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Lawyers minimum fees in the bin

The Cyprus Bar Association has been forced to repeal rules that required lawyers to charge prescribed minimum fees for their out-of-court work rather than competing against each other on price.

Cyprus lawyers minimum fees in the binFOLLOWING a successful complaint to the European Commission by Fairness in Fees, the law requiring Cyprus lawyers to charge clients according to the Minimum Fee Regulations has been revised and the Minimum Fee Regulations abolished.

An extraordinary meeting was held on the 19th June 2018 at which the Cyprus Bar Association (CBA) decided to abolish the Minimum Fee Regulations immediately in their entirety, which included fees relating to the provision of out-of-court-cases.

In addition, Cyprus amended Article 24(1)(k) of the Advocates’ Law that empowered the CBA to “fix lawyers fees for out-of-court cases”.

The amended article now reads observing the principles of free and fair competition, to regulate the way and procedure for resolving disputes arising in relation to lawyer’s remuneration for out-of-court cases.

What the papers said

Although this impending change in the law was reported in the Greek newspaper Phileleftheros and in-Cyprus.com both reports grossly understated/misrepresented it’s significance. I.e:

“The lawyer’s minimum wage is determined according to time spent and the location (in or out of the office) of these meetings. Lawyers may claim travel fees if these meetings take place outside the city where their law office is located.”

The reality

The now defunct Minimum Fee Regulations for out-of-court-cases fixed vast swathes of fees including such things as:

  • Drawing up contracts of any nature including: Wills, Deeds of Gift, Powers of Attorney and bills of exchange. (Based on mathematical formulae relating to their values and bearing no relationship to the work done.)
  • Registering limited companies
  • Trademarks
  • Filing a business name and patent
  • Administration of estates (fees that bore no relationship to the work done as they were effectively a fixed proportion of the value of the estate.)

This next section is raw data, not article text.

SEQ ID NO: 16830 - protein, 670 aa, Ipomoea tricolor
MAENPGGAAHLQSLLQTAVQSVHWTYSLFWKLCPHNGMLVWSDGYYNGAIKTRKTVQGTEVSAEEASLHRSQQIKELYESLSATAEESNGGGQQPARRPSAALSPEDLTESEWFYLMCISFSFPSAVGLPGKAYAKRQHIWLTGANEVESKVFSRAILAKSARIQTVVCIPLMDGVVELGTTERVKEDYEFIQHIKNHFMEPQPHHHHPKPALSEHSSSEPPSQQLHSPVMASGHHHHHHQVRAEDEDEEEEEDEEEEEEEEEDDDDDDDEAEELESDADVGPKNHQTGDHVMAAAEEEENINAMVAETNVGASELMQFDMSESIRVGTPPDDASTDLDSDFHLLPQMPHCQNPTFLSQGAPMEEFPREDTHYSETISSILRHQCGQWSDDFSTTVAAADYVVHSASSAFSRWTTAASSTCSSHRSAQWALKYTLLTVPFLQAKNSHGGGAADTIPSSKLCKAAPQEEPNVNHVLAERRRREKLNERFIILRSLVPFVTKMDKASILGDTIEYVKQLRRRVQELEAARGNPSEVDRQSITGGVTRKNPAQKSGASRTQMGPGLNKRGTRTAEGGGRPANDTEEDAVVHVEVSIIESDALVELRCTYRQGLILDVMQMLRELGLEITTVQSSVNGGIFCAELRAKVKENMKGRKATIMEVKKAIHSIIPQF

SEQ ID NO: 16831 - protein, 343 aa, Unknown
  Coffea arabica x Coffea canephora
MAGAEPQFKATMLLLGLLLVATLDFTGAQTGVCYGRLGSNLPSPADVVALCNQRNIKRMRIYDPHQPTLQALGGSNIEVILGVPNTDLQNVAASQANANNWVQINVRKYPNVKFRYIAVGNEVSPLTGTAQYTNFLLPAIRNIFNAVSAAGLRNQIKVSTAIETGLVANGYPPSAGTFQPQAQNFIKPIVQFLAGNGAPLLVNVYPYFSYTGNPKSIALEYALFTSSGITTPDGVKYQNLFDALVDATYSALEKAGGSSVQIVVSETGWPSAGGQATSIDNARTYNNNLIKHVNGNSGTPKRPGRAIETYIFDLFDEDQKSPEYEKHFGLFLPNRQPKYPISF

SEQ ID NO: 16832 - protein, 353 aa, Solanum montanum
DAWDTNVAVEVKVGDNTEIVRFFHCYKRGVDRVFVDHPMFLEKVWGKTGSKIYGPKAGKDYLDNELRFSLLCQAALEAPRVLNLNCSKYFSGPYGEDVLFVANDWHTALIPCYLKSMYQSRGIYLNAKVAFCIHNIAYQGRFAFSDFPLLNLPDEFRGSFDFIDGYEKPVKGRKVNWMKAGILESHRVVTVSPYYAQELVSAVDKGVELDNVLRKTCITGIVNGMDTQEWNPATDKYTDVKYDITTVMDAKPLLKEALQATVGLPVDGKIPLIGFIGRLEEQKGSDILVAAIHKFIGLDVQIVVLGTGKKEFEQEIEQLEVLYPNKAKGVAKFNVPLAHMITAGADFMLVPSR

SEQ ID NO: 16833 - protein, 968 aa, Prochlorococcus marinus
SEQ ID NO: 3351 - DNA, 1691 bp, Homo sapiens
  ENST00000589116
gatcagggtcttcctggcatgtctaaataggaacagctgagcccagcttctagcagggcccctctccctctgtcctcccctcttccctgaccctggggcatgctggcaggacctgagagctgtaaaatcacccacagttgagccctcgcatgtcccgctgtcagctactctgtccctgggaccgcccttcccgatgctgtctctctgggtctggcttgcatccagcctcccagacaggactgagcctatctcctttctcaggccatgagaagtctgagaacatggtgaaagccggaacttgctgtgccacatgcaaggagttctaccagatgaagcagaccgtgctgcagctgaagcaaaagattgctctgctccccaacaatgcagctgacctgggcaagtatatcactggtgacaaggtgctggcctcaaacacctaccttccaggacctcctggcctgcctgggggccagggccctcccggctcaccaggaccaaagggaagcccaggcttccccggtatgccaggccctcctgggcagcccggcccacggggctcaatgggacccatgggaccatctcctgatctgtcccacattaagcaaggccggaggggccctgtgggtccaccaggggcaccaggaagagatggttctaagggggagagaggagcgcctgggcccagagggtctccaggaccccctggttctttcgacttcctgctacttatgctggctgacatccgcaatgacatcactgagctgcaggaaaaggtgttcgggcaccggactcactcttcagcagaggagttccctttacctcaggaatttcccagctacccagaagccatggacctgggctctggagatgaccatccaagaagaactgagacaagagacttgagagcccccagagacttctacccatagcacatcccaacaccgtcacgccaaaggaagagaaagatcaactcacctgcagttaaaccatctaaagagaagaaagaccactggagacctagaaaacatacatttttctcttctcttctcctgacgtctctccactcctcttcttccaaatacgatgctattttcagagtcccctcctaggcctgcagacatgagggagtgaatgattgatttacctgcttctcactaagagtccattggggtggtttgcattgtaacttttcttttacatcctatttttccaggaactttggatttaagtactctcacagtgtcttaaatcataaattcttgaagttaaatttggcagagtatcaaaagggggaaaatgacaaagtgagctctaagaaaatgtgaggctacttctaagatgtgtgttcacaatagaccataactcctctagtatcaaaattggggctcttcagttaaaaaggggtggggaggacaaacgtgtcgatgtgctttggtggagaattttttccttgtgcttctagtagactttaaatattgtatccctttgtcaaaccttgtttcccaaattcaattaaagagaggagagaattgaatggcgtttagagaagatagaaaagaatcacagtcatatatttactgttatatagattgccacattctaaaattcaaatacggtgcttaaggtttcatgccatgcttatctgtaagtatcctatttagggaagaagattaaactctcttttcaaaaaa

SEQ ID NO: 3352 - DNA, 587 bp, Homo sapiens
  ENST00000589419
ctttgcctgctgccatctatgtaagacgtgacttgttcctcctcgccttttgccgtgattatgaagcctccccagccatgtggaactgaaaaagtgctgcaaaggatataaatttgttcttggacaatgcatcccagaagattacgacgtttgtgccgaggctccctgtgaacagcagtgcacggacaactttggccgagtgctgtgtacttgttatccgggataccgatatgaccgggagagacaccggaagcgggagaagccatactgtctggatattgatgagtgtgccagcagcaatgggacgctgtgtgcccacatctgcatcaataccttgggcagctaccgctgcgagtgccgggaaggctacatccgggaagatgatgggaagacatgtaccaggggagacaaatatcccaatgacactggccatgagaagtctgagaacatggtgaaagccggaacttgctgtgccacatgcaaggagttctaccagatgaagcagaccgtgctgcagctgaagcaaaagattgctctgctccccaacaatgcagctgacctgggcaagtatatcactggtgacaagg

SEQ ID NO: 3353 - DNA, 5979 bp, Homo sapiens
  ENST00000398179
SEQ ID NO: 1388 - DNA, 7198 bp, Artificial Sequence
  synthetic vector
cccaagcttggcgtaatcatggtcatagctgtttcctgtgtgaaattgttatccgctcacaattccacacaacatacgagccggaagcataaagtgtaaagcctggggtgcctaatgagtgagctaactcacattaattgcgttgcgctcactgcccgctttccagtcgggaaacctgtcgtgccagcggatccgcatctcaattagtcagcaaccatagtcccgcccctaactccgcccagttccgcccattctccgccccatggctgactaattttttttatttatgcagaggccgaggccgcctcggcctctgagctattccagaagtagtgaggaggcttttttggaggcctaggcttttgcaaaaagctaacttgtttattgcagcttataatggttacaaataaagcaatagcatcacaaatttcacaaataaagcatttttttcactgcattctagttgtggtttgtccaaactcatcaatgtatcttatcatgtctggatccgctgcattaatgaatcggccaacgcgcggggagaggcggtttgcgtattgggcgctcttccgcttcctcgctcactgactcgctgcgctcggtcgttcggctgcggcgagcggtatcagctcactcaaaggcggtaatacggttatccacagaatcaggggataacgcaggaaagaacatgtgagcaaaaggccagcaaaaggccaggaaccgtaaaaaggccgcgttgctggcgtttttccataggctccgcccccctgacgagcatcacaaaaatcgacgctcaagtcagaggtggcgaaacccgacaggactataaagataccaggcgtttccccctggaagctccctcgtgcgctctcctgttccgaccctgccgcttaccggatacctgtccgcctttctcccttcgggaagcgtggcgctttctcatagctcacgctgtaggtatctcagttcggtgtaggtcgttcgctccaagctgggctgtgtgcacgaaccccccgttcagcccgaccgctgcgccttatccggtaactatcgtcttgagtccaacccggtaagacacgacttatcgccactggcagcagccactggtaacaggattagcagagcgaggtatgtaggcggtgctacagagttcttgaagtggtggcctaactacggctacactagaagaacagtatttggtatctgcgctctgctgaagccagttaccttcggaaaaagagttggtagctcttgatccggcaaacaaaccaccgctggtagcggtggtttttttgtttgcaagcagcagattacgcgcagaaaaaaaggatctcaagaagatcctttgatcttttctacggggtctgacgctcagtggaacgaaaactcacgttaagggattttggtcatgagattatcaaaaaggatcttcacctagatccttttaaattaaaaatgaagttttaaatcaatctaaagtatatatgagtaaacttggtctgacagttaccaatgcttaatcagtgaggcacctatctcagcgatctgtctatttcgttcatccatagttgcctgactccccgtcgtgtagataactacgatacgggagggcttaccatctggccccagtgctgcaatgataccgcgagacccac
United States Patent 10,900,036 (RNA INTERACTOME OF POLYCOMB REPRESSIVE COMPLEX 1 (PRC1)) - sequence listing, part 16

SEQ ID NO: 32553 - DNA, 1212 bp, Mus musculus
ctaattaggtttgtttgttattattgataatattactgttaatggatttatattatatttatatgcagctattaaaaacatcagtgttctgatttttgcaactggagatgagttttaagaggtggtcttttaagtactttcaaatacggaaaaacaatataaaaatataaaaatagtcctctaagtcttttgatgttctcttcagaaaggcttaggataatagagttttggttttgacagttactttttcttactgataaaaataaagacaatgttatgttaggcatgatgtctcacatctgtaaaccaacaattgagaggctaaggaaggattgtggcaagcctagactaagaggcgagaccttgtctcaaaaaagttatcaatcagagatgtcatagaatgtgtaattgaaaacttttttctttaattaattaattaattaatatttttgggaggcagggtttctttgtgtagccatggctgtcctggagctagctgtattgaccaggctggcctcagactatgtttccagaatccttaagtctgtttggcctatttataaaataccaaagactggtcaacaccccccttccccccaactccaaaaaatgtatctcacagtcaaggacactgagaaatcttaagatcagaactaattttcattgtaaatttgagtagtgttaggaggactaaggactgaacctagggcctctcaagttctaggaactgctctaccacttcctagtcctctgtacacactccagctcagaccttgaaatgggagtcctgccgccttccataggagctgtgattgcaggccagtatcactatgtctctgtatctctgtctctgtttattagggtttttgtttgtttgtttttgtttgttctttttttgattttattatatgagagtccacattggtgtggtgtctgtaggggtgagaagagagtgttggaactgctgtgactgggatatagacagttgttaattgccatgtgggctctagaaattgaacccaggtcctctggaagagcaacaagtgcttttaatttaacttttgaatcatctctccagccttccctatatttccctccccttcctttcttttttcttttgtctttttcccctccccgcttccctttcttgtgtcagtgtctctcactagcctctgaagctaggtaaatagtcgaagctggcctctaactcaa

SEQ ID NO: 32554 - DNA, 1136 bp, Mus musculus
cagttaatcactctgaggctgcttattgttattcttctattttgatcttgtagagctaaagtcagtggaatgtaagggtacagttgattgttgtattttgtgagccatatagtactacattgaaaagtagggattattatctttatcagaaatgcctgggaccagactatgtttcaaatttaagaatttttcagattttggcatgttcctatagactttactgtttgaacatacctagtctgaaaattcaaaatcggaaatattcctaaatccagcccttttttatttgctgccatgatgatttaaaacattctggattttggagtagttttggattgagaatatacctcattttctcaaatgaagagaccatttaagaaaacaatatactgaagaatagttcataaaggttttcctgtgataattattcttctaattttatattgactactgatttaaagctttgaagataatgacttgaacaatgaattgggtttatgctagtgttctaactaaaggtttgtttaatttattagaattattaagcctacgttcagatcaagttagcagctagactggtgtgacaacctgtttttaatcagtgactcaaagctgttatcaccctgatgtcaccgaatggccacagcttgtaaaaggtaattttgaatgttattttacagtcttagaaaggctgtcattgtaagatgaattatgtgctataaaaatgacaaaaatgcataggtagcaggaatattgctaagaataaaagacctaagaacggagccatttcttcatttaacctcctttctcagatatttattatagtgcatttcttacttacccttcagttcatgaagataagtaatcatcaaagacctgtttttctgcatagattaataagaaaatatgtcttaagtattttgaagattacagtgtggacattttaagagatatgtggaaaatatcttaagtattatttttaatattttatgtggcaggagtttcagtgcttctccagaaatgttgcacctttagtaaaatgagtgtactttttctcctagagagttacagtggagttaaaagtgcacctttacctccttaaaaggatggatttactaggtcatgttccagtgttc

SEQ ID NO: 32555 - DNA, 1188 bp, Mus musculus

Any lawyer who failed to charge clients according to the Minimum Fee Regulations faced disciplinary action by the CBA including being struck-off!

Robert O’Donoghue QC of Brick Court Chambers in London, who was instrumental in lodging the Fairness in Fees complaint with the European Commission has published an article on the subject – Cyprus lawyers forced to abandon minimum fees.

Free competition now rules!

Now that the Minimum Fee Regulations have been consigned to the litter bin, anyone wishing to engage the services of a lawyer in Cyprus to draw up their Will, act as their Power of Attorney, administer their estate, etc., etc. can shop around and get competitive written quotations for the work.

It is also vital that if the work involves the administration of the estate the agreed fee is written into the Will.

Fairness in Fees

Fairness in Fees are considering their next steps. For further information contact Fairness in Fees.

Readers' comments

Comments on this article are no longer being accepted.

  • Peter Howard says:

    I am an Estate Agent in the Polis area and would like to reply to the comments made about extortionate fees of 5%. I have also sold property in USA, Spain and Portugal where the standard fees are 5% and in France often 10%.

    In the UK fees are lower and often 1.5%, but house prices in the UK are usually at least twice the price of Cyprus and often more. The normal selling time in the UK is about two months whereas here in Cyprus it is quite common to list a property for two years before a sale is achieved. Therefore over a period of a year the UK estate agent will probably achieve a higher income than here in Cyprus.